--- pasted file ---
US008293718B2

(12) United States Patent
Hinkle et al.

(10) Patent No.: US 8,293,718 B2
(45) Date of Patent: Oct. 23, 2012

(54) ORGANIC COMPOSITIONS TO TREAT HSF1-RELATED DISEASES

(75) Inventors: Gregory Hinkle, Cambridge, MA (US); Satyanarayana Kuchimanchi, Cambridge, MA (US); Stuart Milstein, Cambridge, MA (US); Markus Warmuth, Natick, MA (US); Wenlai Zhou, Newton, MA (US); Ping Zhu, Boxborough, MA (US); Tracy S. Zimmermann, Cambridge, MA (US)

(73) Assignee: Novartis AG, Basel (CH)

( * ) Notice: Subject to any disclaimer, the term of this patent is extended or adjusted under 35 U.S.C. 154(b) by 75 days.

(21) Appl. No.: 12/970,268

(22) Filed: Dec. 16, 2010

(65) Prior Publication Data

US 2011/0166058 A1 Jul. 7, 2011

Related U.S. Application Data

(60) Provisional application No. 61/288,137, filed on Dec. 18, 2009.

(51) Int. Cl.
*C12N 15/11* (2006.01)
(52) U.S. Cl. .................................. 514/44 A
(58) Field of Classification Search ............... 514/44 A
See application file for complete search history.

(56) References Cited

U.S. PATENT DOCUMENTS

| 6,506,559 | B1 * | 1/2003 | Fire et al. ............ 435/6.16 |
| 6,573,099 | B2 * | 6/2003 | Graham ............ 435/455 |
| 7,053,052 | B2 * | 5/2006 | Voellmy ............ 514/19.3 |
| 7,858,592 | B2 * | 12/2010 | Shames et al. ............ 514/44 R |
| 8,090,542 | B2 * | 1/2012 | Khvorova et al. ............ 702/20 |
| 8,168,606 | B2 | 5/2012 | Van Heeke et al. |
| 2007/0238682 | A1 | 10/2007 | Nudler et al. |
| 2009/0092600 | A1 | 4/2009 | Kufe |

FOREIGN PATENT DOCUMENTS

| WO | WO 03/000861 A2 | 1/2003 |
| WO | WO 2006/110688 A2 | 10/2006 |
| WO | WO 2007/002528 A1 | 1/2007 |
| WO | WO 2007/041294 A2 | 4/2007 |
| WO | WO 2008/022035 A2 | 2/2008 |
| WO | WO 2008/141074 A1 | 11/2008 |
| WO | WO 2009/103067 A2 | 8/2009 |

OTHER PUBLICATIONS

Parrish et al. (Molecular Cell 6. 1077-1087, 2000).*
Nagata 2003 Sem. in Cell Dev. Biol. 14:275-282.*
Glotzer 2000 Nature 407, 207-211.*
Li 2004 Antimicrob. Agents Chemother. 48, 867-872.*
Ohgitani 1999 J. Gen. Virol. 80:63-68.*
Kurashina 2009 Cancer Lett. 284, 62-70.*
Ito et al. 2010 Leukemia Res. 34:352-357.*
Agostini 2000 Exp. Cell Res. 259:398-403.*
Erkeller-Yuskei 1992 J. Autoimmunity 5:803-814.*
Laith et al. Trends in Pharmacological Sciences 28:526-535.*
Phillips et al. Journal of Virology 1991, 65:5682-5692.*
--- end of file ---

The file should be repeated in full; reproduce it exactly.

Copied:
US008293718B2

(12) United States Patent
Hinkle et al.

(10) Patent No.: US 8,293,718 B2
(45) Date of Patent: Oct. 23, 2012

(54) ORGANIC COMPOSITIONS TO TREAT HSF1-RELATED DISEASES

(75) Inventors: Gregory Hinkle, Cambridge, MA (US); Satyanarayana Kuchimanchi, Cambridge, MA (US); Stuart Milstein, Cambridge, MA (US); Markus Warmuth, Natick, MA (US); Wenlai Zhou, Newton, MA (US); Ping Zhu, Boxborough, MA (US); Tracy S. Zimmermann, Cambridge, MA (US)

(73) Assignee: Novartis AG, Basel (CH)

( * ) Notice: Subject to any disclaimer, the term of this patent is extended or adjusted under 35 U.S.C. 154(b) by 75 days.

(21) Appl. No.: 12/970,268

(22) Filed: Dec. 16, 2010

(65) Prior Publication Data

US 2011/0166058 A1 Jul. 7, 2011

Related U.S. Application Data

(60) Provisional application No. 61/288,137, filed on Dec. 18, 2009.

(51) Int. Cl.
*C12N 15/11* (2006.01)
(52) U.S. Cl. .................................. 514/44 A
(58) Field of Classification Search ............... 514/44 A
See application file for complete search history.

(56) References Cited

U.S. PATENT DOCUMENTS

| 6,506,559 | B1 * | 1/2003 | Fire et al. ............ 435/6.16 |
| 6,573,099 | B2 * | 6/2003 | Graham ............ 435/455 |
| 7,053,052 | B2 * | 5/2006 | Voellmy ............ 514/19.3 |
| 7,858,592 | B2 * | 12/2010 | Shames et al. ............ 514/44 R |
| 8,090,542 | B2 * | 1/2012 | Khvorova et al. ............ 702/20 |
| 8,168,606 | B2 | 5/2012 | Van Heeke et al. |
| 2007/0238682 | A1 | 10/2007 | Nudler et al. |
| 2009/0092600 | A1 | 4/2009 | Kufe |

FOREIGN PATENT DOCUMENTS

| WO | WO 03/000861 A2 | 1/2003 |
| WO | WO 2006/110688 A2 | 10/2006 |
| WO | WO 2007/002528 A1 | 1/2007 |
| WO | WO 2007/041294 A2 | 4/2007 |
| WO | WO 2008/022035 A2 | 2/2008 |
| WO | WO 2008/141074 A1 | 11/2008 |
| WO | WO 2009/103067 A2 | 8/2009 |

OTHER PUBLICATIONS

Parrish et al. (Molecular Cell 6. 1077-1087, 2000).*
Nagata 2003 Sem. in Cell Dev. Biol. 14:275-282.*
Glotzer 2000 Nature 407, 207-211.*
Li 2004 Antimicrob. Agents Chemother. 48, 867-872.*
Ohgitani 1999 J. Gen. Virol. 80:63-68.*
Kurashina 2009 Cancer Lett. 284, 62-70.*
Ito et al. 2010 Leukemia Res. 34:352-357.*
Agostini 2000 Exp. Cell Res. 259:398-403.*
Erkeller-Yuskei 1992 J. Autoimmunity 5:803-814.*
Laith et al. Trends in Pharmacological Sciences 28:526-535.*
Phillips et al. Journal of Virology 1991, 65:5682-5692.*